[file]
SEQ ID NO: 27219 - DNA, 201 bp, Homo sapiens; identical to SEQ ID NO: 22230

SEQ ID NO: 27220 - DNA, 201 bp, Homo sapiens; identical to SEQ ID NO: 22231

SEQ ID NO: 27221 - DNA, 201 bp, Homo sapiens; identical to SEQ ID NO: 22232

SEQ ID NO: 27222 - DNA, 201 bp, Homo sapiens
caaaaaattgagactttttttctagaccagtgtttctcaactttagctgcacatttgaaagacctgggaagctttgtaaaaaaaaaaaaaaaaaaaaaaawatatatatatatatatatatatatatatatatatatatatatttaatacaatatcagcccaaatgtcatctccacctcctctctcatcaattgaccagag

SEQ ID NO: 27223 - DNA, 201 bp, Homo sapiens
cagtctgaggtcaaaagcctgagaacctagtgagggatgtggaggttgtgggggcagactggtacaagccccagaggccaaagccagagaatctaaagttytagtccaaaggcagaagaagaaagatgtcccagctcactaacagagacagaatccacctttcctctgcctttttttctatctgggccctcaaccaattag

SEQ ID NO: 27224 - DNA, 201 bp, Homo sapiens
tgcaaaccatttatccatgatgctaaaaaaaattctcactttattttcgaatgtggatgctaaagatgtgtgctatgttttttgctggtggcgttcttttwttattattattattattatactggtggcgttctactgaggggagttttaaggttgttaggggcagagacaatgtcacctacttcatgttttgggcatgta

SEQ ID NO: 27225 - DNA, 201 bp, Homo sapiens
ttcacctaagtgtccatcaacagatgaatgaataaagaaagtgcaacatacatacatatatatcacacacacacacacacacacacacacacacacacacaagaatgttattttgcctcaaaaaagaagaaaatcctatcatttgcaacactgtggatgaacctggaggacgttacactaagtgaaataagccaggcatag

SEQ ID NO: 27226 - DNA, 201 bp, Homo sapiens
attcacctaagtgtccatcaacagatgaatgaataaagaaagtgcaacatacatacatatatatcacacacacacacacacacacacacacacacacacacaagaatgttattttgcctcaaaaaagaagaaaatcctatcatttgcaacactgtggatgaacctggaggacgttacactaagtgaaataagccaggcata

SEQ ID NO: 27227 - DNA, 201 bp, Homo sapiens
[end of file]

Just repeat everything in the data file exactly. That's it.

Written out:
SEQ ID NO: 27219 - DNA, 201 bp, Homo sapiens; identical to SEQ ID NO: 22230

SEQ ID NO: 27220 - DNA, 201 bp, Homo sapiens; identical to SEQ ID NO: 22231

SEQ ID NO: 27221 - DNA, 201 bp, Homo sapiens; identical to SEQ ID NO: 22232

SEQ ID NO: 27222 - DNA, 201 bp, Homo sapiens
caaaaaattgagactttttttctagaccagtgtttctcaactttagctgcacatttgaaagacctgggaagctttgtaaaaaaaaaaaaaaaaaaaaaaawatatatatatatatatatatatatatatatatatatatatatttaatacaatatcagcccaaatgtcatctccacctcctctctcatcaattgaccagag

SEQ ID NO: 27223 - DNA, 201 bp, Homo sapiens
cagtctgaggtcaaaagcctgagaacctagtgagggatgtggaggttgtgggggcagactggtacaagccccagaggccaaagccagagaatctaaagttytagtccaaaggcagaagaagaaagatgtcccagctcactaacagagacagaatccacctttcctctgcctttttttctatctgggccctcaaccaattag

SEQ ID NO: 27224 - DNA, 201 bp, Homo sapiens
tgcaaaccatttatccatgatgctaaaaaaaattctcactttattttcgaatgtggatgctaaagatgtgtgctatgttttttgctggtggcgttcttttwttattattattattattatactggtggcgttctactgaggggagttttaaggttgttaggggcagagacaatgtcacctacttcatgttttgggcatgta

SEQ ID NO: 27225 - DNA, 201 bp, Homo sapiens
ttcacctaagtgtccatcaacagatgaatgaataaagaaagtgcaacatacatacatatatatcacacacacacacacacacacacacacacacacacacaagaatgttattttgcctcaaaaaagaagaaaatcctatcatttgcaacactgtggatgaacctggaggacgttacactaagtgaaataagccaggcatag

SEQ ID NO: 27226 - DNA, 201 bp, Homo sapiens
attcacctaagtgtccatcaacagatgaatgaataaagaaagtgcaacatacatacatatatatcacacacacacacacacacacacacacacacacacacaagaatgttattttgcctcaaaaaagaagaaaatcctatcatttgcaacactgtggatgaacctggaggacgttacactaagtgaaataagccaggcata

SEQ ID NO: 27227 - DNA, 201 bp, Homo sapiens